First we meet bartender Orly Shani who hopes to one day be able to focus more on her design work—a collection of easy to wear convertible knits she calls Tuc & Wes (like cut and sew backwards, get it?) She sends a mini down the runway layered with a zip-off detail. Meanwhile, Edmund Newton—a barber/fashion designer/stylist who calls his look “Studio 54 meets 2012” (what happens in 2013?)—debuts his middling bubble cocktail dress. There are steam effects; there is very loud Lady Gaga; and Richie, who looks fairly unimpressed, is wearing this sort of awesome hairpiece thing.
We’re merely minutes into the show and Jessica Simpson is already trying to be homey down-home. On Shani’s skirt: "My mom and I would call it a twofer!" Meanwhile, Richie managed to applaud one of Newton’s dresses—a piped black and white iteration and the only one that was worthwhile.
Before moving on to the buyer’s panel it’s time for more introductions: The retailers! One moment of note during the Macy’s spiel: "You're probably already wearing something [Caprice Willard] bought!" Um, not true.
Anyway—the show starts with a bang. Newton gets a $60,000 offer from Macy’s (basically because Willard buys for a broader range of shoppers (literally broader, and the dress is universally flattering)) and Shani gets an $80,000 offer from Schaefer for Saks (above). Shani is stunned, and thrilled: “Saks is a store a walk through to tease myself!" Shaefer’s rely: "Good."
An illustrious beginning—but the competition is a lot tougher than that first showcase made seem. Let’s move on to the second showcase: Oscar Fierro and Nikki Poulos. Fierro is a teeny tiny little person originally from El Salvador. Extraordinarily flamboyant, he favors large, colorful bowler hats in cheap looking satin; was filmed riding a dwarf pony of some sort; and hand makes over-the-top “couture” for private clients in Texas. Other contestants are already annoyed by the make-up encrusted, tears-prone designer—who at one point climbs into a trash can for a laugh. Except he made a white trash joke instead of an Oscar the Grouch joke—missed opportunity. He’s up with Poulos, an Australian who designs resort and swimwear, and the designer seemingly most annoyed by his crazy.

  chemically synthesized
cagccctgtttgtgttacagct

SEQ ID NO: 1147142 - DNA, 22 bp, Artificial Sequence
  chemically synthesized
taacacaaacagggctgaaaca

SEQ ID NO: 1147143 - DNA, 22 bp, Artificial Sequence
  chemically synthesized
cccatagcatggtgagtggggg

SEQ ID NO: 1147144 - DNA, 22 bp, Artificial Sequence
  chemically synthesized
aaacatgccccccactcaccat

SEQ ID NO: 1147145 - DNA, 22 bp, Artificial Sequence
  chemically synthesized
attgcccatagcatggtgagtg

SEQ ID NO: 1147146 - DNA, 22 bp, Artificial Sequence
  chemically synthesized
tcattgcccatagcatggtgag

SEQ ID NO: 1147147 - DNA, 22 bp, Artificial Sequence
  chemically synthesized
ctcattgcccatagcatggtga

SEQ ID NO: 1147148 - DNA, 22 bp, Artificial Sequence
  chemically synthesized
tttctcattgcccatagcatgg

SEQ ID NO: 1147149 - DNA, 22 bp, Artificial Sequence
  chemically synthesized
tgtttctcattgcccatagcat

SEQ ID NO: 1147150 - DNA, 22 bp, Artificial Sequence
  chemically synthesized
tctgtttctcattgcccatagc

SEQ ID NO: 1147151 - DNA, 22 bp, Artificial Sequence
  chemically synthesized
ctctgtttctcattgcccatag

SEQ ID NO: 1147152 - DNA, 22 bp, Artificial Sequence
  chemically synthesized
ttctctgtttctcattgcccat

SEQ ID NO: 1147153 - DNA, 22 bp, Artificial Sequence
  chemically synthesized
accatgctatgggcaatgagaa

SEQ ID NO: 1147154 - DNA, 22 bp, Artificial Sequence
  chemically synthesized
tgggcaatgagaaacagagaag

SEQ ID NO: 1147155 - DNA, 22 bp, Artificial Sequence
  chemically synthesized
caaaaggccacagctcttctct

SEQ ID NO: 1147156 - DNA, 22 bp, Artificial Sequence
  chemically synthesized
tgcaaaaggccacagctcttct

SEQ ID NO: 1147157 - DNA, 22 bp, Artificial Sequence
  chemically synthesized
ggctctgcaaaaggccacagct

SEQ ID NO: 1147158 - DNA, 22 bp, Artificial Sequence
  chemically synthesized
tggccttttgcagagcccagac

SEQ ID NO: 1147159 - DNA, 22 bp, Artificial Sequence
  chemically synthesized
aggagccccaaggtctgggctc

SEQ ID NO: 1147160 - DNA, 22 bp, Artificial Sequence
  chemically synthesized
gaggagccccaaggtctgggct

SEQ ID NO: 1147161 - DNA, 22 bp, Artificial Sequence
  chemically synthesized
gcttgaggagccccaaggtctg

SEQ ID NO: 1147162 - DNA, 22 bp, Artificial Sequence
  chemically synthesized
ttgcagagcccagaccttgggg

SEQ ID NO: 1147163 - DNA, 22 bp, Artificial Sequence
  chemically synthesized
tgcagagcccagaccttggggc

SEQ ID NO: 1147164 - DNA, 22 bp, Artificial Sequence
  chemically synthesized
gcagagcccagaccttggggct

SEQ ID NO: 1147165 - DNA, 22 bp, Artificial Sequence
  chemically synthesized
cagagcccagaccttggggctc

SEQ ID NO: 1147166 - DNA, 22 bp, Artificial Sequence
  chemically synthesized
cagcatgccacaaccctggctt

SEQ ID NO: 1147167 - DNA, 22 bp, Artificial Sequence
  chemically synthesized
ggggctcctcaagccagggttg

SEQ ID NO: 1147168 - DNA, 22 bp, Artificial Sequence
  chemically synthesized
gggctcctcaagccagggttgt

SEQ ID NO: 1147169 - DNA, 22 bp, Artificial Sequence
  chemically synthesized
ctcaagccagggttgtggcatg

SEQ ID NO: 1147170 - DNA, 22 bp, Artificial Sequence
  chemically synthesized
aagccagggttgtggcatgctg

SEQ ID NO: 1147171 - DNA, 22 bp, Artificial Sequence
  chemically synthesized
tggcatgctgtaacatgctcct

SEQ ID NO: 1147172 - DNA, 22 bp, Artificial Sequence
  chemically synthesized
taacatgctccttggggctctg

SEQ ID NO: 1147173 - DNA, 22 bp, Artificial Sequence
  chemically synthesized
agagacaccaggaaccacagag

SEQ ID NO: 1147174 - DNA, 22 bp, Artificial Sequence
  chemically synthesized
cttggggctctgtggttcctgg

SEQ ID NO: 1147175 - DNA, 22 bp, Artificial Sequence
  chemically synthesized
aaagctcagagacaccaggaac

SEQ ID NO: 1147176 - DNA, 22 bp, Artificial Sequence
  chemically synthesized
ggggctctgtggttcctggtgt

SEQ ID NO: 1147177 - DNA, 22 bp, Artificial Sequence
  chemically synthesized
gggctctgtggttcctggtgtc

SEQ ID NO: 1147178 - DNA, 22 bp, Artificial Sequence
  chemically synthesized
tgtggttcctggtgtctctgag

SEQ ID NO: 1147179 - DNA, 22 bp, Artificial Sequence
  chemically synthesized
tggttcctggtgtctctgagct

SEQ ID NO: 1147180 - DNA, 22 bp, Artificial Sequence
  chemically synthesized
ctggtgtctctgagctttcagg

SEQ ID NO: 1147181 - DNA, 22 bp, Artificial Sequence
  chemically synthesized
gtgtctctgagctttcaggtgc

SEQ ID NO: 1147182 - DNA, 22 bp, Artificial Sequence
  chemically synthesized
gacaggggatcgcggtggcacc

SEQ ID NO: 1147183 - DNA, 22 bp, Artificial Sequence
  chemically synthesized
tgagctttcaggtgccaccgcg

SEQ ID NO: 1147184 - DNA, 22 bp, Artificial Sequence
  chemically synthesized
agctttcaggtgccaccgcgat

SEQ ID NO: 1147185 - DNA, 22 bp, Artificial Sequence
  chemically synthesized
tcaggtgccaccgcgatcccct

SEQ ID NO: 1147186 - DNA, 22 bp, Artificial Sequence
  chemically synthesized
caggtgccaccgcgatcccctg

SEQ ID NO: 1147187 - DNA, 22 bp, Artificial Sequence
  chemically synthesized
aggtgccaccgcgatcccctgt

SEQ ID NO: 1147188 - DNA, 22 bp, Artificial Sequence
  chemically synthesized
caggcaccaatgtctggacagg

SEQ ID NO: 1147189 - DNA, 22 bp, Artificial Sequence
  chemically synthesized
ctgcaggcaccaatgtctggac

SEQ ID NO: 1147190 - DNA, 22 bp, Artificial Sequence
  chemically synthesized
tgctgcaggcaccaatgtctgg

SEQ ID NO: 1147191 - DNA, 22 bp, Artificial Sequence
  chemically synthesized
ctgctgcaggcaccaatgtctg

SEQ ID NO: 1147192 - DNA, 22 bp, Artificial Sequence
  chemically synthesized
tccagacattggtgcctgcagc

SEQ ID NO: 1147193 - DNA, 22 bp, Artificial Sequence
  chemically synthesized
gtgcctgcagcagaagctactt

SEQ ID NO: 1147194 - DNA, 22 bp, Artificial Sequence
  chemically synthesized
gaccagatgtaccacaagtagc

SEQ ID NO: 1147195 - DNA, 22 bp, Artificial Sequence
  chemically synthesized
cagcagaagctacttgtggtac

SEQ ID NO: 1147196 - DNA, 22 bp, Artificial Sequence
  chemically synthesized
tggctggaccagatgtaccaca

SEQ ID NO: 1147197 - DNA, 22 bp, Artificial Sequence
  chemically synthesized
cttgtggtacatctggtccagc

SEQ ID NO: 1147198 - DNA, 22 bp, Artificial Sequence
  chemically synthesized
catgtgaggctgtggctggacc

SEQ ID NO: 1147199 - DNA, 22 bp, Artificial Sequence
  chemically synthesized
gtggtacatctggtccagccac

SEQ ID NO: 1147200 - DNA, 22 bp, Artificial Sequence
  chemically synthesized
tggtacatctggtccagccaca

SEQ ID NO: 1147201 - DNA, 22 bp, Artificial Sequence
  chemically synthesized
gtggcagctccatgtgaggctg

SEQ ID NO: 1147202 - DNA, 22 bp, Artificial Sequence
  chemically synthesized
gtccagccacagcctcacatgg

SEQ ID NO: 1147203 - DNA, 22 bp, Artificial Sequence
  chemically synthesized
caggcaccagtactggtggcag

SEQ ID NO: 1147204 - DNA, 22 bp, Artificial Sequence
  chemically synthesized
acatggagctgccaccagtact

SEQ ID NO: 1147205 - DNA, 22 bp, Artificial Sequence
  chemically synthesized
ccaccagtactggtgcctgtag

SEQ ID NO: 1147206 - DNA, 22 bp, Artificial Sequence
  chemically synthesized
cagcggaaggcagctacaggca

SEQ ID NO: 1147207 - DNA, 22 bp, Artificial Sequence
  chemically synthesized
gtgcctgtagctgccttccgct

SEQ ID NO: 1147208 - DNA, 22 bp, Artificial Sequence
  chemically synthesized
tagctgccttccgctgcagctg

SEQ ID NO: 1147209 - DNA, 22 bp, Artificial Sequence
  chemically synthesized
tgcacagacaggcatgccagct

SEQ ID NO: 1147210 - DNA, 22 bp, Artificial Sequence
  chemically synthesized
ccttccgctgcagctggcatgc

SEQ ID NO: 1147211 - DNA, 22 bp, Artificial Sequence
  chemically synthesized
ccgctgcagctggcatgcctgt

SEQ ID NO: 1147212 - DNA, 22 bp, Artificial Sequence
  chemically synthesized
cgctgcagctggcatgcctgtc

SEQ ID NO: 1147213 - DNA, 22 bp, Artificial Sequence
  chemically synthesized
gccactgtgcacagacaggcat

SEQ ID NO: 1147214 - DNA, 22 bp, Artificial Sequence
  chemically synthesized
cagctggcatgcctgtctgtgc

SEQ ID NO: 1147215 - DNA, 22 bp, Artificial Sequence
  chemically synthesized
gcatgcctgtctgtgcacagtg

To a soundtrack of La Roux, Fierro sends down his Real Housewives of Who Cares trashy butterfly dress; Poulos sends down a maxi-caftan thing (which is kind of awesome even if the prints look a little cheap). After the show the two join McPherson on stage—their three completely different heights are hilarious. Oscar is weeping (yes, he wiped his nose with his scarf). All that emotion can’t swing the judges: Varvatos says he’s seen it (to which Fierro responds, “You’ve never seen it with my label!”). Richie says she thinks he has something but “this dress is not it;” Simpson wants the sequined one. There are no buyers, and an unimpressed Schaefer worries that he’s a comedian rather than a designer—zing!
That said, Macy’s offers $50,000 for the caftans (above)—as much for its “retro/chic” feel as to keep Poulos in the game. Strategy! Best moment so far: Poulos crazily gloating on her trip backstage hulking over and hugging loser Fierro.
Oh, first crazy product placement sponsorship thing (aside from several thousand Macy’s commercials): McPherson on the Fiat 500. Followed twice by Richie shilling Suave hair care. Richie obviously constantly uses Suave.
Next it’s time for some menswear—from bullheaded, over-confident Aussie Nicholas Bowes. He’s joined by Barbara Bates—a designer who left her corporate job after years of selling her designs to colleagues in the ladies room on payday (love that). Bowes—a former model who isn’t so good at accepting criticism—shows his totally blah motorcycle jacket. And, can we just say: Bowes—get a stylist. The first two models were wearing shirts so low cut they should’ve just gone shirtless. The third was wearing short, tight denim cut-offs with contrast cuffs and huge, ridiculous cowboy boots. Meanwhile, Bates debuts her tea-length skirt with hip pockets and matching cotton tops.